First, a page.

The Last Troubadour
The year is 1240, and Ramon Troubadour has returned to his beloved Carcassonne. The once beautiful town, a cultural center of the Occitan, has been reduced to slums and ruins thanks to the Cathar crusades of the French and the fear and horror of the Inquisition. Ramon has returned to rescue The Jewel of the South, the key to the secret holy relic of Montségur – for which a dying pope will kill, and a king will go to war. Helped by a nameless one-eyed knight, a fighting damsel, a witch, and a circus of colorful entertainers on dancing horses, Ramon must use his famous voice and sense of humor to make new allies and rescue The Jewel – and prevent a new crusade.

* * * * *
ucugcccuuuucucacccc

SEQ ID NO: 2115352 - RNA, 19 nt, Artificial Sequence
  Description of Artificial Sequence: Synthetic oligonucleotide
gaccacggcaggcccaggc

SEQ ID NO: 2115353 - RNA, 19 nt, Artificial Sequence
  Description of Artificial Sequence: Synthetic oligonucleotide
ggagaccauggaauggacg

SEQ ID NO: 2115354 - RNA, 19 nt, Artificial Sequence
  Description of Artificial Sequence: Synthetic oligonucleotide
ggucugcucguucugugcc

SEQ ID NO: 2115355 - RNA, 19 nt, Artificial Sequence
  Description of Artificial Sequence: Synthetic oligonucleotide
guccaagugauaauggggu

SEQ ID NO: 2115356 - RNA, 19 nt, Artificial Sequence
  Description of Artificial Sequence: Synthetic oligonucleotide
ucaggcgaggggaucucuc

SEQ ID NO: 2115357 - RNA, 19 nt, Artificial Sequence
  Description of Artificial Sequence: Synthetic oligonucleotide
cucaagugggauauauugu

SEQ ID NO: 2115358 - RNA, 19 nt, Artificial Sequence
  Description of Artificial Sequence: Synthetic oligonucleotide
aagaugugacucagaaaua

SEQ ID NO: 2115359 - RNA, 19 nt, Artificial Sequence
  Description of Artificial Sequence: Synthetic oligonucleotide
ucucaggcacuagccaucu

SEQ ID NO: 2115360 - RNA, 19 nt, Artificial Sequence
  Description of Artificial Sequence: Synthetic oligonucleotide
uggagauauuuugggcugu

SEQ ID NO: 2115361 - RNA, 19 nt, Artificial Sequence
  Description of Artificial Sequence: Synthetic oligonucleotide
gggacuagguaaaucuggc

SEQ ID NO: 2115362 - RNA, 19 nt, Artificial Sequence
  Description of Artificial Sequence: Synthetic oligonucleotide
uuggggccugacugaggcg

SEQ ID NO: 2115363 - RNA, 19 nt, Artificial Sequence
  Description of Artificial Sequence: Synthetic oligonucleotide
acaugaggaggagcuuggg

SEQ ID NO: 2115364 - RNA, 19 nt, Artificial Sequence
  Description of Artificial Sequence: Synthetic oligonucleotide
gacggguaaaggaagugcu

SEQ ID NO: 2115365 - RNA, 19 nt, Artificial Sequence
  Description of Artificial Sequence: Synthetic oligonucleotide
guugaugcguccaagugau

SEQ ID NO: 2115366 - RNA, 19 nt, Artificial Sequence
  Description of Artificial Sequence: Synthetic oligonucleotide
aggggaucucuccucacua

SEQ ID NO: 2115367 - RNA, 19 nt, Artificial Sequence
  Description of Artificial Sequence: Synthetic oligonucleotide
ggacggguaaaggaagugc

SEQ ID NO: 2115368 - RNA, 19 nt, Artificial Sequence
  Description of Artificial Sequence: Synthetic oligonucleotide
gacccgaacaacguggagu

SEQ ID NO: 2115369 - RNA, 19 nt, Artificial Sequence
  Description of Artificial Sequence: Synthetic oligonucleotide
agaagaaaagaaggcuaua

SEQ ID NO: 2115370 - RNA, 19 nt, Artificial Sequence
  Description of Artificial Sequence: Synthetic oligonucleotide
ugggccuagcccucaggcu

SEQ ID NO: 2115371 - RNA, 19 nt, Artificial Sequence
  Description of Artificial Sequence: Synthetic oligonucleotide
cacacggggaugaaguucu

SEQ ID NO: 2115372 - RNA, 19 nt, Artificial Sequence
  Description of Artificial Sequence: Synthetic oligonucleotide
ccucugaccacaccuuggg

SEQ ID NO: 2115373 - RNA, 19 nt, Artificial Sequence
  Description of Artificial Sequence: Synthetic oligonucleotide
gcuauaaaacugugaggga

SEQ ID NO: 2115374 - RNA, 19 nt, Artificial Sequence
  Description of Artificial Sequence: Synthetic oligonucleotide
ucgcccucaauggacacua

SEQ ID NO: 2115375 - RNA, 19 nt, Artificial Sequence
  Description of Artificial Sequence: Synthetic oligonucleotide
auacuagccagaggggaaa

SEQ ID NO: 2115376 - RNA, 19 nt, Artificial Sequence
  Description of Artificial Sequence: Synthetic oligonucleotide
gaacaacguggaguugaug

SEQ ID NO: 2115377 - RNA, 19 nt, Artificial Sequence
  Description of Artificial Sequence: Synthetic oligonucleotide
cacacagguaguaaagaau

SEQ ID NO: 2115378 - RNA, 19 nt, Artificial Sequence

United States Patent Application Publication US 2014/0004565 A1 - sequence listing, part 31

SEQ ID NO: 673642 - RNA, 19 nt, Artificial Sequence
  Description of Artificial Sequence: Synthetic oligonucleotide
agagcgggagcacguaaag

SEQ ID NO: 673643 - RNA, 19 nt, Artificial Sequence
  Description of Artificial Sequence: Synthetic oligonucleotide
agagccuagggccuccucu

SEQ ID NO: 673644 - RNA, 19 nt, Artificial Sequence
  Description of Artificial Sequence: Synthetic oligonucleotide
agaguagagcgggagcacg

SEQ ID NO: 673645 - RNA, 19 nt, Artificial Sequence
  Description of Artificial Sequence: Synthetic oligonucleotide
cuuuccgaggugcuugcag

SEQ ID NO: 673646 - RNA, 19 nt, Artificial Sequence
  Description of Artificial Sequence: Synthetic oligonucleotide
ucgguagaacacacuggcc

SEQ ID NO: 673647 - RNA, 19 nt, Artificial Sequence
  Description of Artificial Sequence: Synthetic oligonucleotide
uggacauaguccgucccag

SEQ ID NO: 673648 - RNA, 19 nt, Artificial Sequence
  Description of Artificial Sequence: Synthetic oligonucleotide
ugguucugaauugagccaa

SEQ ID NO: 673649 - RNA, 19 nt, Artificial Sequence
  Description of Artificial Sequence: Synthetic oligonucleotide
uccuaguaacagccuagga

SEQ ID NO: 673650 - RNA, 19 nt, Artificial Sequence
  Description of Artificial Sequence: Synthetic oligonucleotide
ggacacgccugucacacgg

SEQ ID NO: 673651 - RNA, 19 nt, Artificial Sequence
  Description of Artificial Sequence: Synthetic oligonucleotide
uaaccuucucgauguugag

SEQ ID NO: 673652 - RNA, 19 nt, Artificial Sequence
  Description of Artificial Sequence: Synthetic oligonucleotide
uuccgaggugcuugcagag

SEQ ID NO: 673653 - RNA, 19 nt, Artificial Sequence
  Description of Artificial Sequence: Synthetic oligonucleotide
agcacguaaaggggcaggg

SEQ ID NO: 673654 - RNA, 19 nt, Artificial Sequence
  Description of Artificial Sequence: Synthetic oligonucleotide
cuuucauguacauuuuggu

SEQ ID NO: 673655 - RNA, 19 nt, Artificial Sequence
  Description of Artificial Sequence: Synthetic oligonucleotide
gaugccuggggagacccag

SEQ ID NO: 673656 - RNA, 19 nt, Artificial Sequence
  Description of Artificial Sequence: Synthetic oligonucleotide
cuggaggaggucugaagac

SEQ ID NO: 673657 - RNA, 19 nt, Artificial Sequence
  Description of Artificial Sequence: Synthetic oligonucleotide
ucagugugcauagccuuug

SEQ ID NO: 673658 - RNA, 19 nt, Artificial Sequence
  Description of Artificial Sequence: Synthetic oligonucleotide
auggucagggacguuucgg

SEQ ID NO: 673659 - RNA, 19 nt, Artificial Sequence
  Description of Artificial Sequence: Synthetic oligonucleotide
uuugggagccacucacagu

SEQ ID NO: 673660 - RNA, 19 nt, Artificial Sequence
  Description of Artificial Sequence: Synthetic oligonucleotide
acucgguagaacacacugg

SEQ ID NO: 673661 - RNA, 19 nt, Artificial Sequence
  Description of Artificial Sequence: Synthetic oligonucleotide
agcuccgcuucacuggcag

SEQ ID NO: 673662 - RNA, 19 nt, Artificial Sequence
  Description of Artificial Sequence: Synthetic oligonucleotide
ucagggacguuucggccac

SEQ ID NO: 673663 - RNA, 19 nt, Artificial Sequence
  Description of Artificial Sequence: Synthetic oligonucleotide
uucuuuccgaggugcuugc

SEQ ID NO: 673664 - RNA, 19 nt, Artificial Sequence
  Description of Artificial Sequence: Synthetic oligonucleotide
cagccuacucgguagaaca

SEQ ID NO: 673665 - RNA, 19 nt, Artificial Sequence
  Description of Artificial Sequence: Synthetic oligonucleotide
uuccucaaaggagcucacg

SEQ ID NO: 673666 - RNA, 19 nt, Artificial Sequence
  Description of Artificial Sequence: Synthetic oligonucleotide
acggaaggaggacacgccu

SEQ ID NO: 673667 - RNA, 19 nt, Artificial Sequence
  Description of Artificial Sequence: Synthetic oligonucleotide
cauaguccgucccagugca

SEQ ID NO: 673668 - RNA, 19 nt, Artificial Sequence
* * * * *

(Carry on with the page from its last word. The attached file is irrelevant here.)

The plot is complex and the action, once it gets going, moves quickly. The conceit of associating characters with the Major Arcana of the Tarot is an interesting one, but I found it confusing in the beginning as I was trying to get to know the plethora of characters. That said, Armstrong does a good job of weaving character lines and points of view together well, and Ramon is a winning protagonist. The combination of historical thriller and fantasy elements is seamless and engaging, and the historical details of life in Carcassonne during the Inquisition realistic.
However, this book would have benefited from another pass across the copyeditor’s desk and a stronger editorial hand. The number of typos, and the repetition of salient plot and historical points, was distracting. However, if you can overlook these issues, the story is engaging and the characters interesting and clearly drawn.
This book is the first in a trilogy, Song of Montségur; the next book, The Last Quest, will be out in Fall 2008.